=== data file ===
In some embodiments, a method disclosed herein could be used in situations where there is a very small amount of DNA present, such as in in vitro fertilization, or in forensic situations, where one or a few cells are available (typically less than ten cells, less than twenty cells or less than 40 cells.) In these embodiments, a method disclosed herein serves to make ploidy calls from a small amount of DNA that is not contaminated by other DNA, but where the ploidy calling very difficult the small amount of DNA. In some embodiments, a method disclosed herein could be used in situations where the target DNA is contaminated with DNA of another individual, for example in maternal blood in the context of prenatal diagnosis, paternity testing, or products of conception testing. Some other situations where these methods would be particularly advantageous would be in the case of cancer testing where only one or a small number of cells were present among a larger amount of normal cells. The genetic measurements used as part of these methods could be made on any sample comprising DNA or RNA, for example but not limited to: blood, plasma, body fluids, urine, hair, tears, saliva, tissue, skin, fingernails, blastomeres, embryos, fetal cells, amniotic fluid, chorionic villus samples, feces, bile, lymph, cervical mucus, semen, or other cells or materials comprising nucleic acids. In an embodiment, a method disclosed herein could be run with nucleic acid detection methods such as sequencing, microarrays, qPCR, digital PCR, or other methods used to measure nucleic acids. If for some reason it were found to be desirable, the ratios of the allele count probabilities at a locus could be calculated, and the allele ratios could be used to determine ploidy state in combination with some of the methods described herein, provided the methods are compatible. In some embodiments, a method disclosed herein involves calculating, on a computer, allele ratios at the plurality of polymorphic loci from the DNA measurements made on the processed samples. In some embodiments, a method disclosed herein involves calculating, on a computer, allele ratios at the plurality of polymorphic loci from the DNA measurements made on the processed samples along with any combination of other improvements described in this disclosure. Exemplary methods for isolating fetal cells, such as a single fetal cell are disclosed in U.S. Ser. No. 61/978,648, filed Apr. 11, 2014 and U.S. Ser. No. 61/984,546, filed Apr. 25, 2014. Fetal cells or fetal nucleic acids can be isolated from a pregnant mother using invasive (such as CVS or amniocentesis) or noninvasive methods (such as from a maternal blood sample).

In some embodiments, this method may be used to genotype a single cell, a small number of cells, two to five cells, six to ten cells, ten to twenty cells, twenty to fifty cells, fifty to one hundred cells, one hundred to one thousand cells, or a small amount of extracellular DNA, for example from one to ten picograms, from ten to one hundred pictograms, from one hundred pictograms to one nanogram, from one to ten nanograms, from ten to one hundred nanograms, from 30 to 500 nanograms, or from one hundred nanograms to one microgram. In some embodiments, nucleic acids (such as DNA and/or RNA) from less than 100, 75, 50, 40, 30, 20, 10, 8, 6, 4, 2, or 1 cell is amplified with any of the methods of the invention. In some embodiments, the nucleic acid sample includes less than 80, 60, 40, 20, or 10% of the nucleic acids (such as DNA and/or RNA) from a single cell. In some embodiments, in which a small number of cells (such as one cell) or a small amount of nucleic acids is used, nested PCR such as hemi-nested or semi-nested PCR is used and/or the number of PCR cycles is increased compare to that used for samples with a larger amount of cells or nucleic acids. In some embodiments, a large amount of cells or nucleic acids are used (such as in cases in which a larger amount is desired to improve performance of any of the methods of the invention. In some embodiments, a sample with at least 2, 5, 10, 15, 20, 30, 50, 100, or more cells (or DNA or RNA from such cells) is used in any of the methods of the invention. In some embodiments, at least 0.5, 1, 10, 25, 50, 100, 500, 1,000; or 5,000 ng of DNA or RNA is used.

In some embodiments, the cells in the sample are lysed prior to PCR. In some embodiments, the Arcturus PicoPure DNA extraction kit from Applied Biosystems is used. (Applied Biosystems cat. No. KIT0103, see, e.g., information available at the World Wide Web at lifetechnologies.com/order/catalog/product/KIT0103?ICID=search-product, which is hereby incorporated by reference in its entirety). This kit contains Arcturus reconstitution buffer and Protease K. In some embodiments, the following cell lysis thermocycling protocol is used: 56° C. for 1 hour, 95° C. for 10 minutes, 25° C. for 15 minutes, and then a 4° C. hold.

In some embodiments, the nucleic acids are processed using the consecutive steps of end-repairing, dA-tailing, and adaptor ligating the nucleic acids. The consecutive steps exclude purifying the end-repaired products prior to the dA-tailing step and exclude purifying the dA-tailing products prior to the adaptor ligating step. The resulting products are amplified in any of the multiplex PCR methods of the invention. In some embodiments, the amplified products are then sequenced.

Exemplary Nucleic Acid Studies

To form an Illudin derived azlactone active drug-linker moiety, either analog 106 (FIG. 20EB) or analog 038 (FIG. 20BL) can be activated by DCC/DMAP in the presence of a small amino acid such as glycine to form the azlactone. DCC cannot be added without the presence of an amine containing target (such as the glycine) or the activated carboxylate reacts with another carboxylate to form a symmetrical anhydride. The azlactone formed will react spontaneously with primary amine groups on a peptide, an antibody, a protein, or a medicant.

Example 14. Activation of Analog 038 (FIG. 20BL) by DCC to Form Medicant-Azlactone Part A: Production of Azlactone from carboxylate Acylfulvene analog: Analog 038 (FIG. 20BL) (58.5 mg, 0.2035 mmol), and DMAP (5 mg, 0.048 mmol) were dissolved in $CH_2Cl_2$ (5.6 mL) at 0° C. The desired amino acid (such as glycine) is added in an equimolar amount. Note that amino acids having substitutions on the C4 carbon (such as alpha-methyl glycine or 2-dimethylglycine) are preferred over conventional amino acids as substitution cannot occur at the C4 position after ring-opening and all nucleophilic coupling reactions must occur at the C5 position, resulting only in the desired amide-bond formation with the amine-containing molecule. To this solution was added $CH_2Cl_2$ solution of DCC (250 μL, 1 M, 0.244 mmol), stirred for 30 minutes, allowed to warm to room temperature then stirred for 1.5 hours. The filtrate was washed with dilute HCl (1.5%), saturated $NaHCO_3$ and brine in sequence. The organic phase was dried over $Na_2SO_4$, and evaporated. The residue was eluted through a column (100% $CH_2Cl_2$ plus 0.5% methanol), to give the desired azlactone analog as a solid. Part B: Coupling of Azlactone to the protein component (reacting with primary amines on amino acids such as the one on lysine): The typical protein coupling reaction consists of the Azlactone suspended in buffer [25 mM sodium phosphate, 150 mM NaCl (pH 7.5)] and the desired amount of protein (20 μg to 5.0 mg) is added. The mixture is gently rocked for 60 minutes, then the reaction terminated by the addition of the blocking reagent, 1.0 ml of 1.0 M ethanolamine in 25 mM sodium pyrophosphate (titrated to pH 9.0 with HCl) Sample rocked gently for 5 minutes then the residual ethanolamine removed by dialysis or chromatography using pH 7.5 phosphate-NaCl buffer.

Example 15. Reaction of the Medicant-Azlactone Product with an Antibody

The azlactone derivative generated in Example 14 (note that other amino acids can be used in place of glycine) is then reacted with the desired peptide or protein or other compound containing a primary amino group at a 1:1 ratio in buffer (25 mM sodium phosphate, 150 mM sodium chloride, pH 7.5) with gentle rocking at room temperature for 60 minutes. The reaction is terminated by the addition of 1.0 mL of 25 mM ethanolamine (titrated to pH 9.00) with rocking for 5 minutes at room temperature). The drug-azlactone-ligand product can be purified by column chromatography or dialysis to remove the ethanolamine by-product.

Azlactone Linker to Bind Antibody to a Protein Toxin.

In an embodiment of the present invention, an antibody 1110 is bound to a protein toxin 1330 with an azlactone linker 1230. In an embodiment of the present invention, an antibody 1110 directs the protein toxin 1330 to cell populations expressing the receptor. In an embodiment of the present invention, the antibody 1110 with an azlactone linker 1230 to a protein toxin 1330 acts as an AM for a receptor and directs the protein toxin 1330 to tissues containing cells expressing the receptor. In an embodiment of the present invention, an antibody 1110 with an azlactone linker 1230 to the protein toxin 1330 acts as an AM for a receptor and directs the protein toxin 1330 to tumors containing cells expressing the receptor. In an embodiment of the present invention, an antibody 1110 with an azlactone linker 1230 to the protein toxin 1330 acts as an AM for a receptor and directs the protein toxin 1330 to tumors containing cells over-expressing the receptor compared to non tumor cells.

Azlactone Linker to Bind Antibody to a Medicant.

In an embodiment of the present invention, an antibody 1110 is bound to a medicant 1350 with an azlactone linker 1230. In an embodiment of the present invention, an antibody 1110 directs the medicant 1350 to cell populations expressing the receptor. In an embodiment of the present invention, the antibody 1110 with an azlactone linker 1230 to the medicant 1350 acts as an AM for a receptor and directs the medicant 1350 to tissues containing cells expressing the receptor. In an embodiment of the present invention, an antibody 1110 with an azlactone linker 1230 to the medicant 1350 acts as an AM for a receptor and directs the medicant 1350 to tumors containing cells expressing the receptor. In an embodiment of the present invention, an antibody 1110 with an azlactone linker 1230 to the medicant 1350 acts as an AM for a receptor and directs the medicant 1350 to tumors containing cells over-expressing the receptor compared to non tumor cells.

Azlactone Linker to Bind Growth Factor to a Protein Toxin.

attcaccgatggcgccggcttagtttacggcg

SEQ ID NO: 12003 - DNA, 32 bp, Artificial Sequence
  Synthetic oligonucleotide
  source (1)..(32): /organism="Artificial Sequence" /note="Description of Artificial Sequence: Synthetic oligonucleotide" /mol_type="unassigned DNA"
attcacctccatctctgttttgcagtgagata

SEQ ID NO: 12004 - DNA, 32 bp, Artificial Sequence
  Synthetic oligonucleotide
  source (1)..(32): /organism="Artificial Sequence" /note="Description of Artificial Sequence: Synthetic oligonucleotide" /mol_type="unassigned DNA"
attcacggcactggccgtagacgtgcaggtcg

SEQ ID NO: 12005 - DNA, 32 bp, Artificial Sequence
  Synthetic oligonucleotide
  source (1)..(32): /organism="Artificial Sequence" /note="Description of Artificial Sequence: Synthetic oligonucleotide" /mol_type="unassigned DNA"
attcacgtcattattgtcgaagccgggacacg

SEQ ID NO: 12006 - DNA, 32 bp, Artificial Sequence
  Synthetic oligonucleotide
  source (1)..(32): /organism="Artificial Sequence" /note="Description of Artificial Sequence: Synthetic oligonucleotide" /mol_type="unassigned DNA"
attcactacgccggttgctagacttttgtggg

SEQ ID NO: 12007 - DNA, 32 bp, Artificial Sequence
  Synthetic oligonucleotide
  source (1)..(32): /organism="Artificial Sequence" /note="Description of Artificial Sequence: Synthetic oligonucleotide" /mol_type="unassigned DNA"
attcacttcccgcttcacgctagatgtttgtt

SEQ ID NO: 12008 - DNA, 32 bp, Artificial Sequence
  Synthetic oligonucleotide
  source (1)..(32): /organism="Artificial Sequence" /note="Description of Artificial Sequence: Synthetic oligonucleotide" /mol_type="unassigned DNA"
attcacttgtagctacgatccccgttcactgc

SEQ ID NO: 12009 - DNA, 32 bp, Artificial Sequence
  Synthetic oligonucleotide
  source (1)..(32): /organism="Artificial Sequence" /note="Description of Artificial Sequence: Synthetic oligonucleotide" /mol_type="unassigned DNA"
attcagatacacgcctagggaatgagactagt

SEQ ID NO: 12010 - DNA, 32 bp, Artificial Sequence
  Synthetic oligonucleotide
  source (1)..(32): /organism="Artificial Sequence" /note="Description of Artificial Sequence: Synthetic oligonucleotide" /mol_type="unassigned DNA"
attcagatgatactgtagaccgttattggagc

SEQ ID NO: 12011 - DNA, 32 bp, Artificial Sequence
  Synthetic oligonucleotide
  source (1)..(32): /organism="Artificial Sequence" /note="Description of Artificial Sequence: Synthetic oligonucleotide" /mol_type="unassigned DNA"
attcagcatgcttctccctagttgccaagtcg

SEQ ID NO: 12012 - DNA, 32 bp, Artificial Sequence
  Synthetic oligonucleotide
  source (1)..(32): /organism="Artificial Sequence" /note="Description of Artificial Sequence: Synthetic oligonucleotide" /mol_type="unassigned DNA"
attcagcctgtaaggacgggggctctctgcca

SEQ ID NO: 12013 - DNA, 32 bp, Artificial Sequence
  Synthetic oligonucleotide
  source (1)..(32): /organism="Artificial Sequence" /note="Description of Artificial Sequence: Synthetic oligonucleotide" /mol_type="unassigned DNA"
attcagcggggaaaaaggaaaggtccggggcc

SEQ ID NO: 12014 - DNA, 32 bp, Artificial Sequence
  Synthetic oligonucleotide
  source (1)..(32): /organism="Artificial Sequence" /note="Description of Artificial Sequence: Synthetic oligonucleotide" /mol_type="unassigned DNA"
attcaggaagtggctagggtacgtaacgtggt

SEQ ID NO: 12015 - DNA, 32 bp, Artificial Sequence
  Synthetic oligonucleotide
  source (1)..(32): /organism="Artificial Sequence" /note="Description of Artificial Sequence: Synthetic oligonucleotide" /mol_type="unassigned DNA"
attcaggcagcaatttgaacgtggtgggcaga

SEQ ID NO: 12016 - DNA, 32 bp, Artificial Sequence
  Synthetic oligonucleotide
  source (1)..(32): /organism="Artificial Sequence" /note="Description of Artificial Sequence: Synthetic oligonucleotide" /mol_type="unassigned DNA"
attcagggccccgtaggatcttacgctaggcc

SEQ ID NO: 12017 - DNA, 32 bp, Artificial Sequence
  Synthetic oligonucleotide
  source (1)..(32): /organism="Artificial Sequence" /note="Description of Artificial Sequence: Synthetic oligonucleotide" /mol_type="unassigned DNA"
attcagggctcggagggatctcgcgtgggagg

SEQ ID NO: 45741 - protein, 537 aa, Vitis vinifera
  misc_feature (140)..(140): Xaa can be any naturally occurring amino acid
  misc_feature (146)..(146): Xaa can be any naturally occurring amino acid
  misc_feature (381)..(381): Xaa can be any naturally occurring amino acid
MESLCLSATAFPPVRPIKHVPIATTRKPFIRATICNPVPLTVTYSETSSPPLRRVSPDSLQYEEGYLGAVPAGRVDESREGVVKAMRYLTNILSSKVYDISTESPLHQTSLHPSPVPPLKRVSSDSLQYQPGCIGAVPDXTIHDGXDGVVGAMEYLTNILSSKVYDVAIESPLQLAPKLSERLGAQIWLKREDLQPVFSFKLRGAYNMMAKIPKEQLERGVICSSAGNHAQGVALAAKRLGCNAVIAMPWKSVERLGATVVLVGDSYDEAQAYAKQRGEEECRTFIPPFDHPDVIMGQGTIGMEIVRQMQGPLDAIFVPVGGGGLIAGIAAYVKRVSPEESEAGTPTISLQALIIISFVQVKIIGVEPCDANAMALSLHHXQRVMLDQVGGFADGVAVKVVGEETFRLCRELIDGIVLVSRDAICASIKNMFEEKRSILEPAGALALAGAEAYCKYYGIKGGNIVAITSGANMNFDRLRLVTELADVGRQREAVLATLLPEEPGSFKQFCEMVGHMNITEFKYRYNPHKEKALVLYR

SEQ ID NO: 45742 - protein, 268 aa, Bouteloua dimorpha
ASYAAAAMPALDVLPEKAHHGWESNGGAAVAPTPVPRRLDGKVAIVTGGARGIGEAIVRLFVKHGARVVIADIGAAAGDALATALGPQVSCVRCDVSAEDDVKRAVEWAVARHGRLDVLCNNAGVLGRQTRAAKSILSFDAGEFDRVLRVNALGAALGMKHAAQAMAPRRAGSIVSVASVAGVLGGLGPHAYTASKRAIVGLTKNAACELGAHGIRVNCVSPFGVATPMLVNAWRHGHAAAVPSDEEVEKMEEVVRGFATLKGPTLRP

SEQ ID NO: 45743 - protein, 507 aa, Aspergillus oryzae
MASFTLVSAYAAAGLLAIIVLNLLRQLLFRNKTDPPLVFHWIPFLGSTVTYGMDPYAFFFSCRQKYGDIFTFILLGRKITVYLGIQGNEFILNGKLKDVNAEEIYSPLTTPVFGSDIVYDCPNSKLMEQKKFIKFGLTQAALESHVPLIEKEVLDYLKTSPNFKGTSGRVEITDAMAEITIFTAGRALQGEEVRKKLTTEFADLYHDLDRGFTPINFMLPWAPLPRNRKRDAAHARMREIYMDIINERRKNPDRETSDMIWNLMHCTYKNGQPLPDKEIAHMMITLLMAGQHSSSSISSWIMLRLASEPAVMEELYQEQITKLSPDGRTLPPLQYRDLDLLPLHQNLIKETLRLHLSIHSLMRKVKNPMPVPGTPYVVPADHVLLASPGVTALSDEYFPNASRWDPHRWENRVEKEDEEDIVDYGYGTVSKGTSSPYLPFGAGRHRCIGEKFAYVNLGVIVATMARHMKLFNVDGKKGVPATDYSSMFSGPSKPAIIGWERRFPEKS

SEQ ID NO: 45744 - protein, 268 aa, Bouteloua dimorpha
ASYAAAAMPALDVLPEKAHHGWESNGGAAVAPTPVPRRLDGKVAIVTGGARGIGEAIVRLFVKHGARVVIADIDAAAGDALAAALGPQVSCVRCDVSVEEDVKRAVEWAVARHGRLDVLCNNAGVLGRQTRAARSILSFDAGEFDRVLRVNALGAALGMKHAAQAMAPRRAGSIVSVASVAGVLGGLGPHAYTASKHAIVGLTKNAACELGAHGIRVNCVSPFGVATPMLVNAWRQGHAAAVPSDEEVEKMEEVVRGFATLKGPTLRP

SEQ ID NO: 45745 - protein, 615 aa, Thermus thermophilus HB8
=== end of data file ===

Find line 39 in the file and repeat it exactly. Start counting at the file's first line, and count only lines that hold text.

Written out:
attcacttgtagctacgatccccgttcactgc